Last week, the Knox community was informed that Roger Taylor, the President of Knox College for the past decade, will be retiring from his position by June 2011. While this news has been met with a whole range of reactions, from shock to sadness to joy, Taylor has made some great strides since he became Knox’s president. He has also left projects undone.
While the timing of this announcement (on the heels of the Dean of Students’ leave of absence) makes it a little more than jolting, we must also consider Taylor’s timeline. He has been president for nearly a decade, which is twice as long as the average college president’s term, according to Google news. Taylor served Knox for many years and created some significant and appreciated changes in the college’s affairs over that time.
As the school begins the process of hiring another president, TKS wonders which sort of skills will be valued in a candidate. How might our current president stack up against the future candidates for this position? And finally, how can we define Taylor’s time at Knox in terms of successes and failures?
First, we must consider the college that Taylor inherited. When he became the interim president in 2001, the school was facing a financial disaster. Being far in debt surely prompted the hiring committee to consider financial-mindedness a strength in the future president. There is no doubt that Taylor, Tom Axtell and other administrators have been able to create some serious cash flow within the institution.
One of Taylor’s favorite catch phrases (along with “freedom to flourish”) is creating “financial impregnability.” This means creating an environment where Knox, as an institution, can be financially sound. Though the economy over the past few years has made this difficult, the college’s financial situation has maintained control.
For example, there haven’t been serious faculty cuts or wage reductions as a result of the recession (or none that we’ve been aware of, anyway). Existing scholarships for students haven’t disappeared and the college continues to provide financial support for student and faculty research. Many other institutions have struggled with funding faculty and student development, but Knox remains financially strong, despite the odds.
That said, there are obvious examples of projects on campus unfinished because of funding. The running joke on campus is that every prospective student hears that Alumni Hall is waiting on funding and will most likely be renovated by the time the prospective graduates. Yet, five years later, the building remains empty. Progress on Alumni Hall seems to have stalled indefinitely, as the administration says, largely due to lack of funding.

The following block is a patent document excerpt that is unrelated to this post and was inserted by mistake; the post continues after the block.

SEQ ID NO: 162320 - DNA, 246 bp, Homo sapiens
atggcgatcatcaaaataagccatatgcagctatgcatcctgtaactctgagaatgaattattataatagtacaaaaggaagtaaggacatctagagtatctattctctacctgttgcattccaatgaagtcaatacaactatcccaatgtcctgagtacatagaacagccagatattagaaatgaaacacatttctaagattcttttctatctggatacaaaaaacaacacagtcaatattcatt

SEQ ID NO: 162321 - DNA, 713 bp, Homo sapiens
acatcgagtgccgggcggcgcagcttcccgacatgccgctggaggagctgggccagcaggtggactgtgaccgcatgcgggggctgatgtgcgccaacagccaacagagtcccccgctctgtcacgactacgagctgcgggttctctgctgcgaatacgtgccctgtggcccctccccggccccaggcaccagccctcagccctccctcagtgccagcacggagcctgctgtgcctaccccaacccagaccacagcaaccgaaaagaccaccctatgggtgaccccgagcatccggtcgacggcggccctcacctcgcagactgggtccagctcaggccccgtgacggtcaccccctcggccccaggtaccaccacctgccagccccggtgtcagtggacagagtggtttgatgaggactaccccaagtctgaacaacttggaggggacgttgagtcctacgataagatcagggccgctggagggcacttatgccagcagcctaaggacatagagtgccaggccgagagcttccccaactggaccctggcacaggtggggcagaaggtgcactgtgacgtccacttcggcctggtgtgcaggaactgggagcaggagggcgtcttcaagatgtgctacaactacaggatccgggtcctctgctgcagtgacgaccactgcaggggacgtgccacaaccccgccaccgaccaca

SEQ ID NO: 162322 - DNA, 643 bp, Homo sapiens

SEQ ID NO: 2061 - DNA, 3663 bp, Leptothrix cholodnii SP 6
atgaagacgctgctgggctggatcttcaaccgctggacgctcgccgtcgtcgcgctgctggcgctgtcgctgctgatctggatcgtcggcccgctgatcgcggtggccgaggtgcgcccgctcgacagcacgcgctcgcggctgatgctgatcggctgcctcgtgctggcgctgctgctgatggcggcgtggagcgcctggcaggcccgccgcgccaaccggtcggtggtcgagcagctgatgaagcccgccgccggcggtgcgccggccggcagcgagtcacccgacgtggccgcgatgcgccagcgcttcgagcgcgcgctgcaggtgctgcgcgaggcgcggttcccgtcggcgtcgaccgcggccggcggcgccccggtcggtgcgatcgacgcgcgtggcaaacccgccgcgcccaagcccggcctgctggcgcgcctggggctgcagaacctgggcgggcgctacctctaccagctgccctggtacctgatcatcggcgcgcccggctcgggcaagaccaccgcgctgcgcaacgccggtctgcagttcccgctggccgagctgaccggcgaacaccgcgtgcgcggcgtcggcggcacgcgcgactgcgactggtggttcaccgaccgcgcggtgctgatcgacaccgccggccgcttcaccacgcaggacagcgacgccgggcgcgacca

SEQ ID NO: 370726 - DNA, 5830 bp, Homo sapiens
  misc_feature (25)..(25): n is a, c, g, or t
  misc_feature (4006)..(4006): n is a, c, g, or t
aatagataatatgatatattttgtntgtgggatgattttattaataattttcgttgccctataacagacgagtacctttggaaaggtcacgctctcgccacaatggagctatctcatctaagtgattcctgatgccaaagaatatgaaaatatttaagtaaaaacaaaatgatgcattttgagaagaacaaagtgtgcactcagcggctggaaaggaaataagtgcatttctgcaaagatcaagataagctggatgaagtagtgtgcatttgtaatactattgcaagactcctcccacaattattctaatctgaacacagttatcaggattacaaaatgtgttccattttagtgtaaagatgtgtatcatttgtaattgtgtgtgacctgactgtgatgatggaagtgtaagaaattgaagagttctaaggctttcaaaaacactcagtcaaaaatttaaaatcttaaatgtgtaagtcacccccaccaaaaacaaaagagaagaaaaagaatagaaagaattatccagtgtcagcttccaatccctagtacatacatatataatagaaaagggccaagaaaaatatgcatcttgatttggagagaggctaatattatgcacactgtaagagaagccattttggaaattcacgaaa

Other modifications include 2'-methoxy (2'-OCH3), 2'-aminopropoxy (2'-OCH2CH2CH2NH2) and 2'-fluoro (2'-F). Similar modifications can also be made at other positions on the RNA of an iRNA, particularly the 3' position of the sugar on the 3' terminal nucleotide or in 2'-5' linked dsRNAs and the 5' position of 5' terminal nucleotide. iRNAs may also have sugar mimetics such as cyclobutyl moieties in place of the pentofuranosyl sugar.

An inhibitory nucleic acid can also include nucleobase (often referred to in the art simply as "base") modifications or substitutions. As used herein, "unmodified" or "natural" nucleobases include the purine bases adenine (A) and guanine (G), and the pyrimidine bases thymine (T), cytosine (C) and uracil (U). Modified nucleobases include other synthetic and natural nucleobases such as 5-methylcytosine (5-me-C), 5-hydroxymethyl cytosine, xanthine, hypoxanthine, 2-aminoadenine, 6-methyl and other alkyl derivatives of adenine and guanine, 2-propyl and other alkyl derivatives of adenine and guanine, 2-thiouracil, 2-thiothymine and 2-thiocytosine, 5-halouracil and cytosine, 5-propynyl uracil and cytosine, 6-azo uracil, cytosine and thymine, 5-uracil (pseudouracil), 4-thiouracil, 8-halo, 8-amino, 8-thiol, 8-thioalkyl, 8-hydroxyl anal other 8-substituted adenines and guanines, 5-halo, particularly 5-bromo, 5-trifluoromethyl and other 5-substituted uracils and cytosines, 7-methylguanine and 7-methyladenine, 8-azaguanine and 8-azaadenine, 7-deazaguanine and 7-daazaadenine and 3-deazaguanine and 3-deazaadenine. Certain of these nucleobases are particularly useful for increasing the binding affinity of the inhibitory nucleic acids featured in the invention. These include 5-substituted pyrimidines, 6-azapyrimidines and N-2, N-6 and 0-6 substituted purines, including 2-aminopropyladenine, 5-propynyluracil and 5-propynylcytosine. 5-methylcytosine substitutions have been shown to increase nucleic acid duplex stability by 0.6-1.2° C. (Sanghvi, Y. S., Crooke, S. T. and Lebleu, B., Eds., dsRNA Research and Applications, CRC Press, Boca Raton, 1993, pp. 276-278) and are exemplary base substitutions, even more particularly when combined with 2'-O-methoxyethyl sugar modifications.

Beyond the college’s financial state, Taylor has also seen an increase in the student population since he became president. While in the past, the campus has functioned at a comfortable 70 percent capacity, over the past four years enrollment has been pushed to the brink of overcrowding.
Prospective students are enticed by Knox’s status as one of the colleges that changes lives, the impressive commencement speakers over the past five years and the supportive network Knox offers its graduates. While several members of the Knox community have been a part of creating this kind of atmosphere, Taylor has played a large part in selling the school and making it competitive with other institutions of higher learning.
Once here, however, students have often taken issue with the execution of politics at Knox. Demands regarding sexual assault by student organizations aren’t always considered or met by the administration, as Taylor told a group of students last week. Last fall, he also overstepped the usual chain of decision-making at Knox by deciding there would be security cameras on campus without addressing the students regarding their opinions on this sometimes controversial issue. But, as president, Taylor’s actions were well within his right.
If we want a school run like a business, which we did nine years ago when Taylor was hired, then choosing a president with financial and marketing skills is important. During his time at Knox, Taylor definitely filled that role and succeeded in several important endeavors.
However, if we want a president who is more student-life oriented as president of Knox, we’ll need to consider hiring a candidate who will focus on student issues. While Taylor has talked to students about their needs and wants in both formal and informal settings, the relationship between some students and the administration continues to be strained.
What do we need right now in a president? Do we want our school to be run like a business or a home? How can the two be reconciled in order to create the best environment for future Knox students, faculty and staff?
These are all questions we must seriously consider during the coming months as Taylor ends his term and the college searches for somebody to fill his space.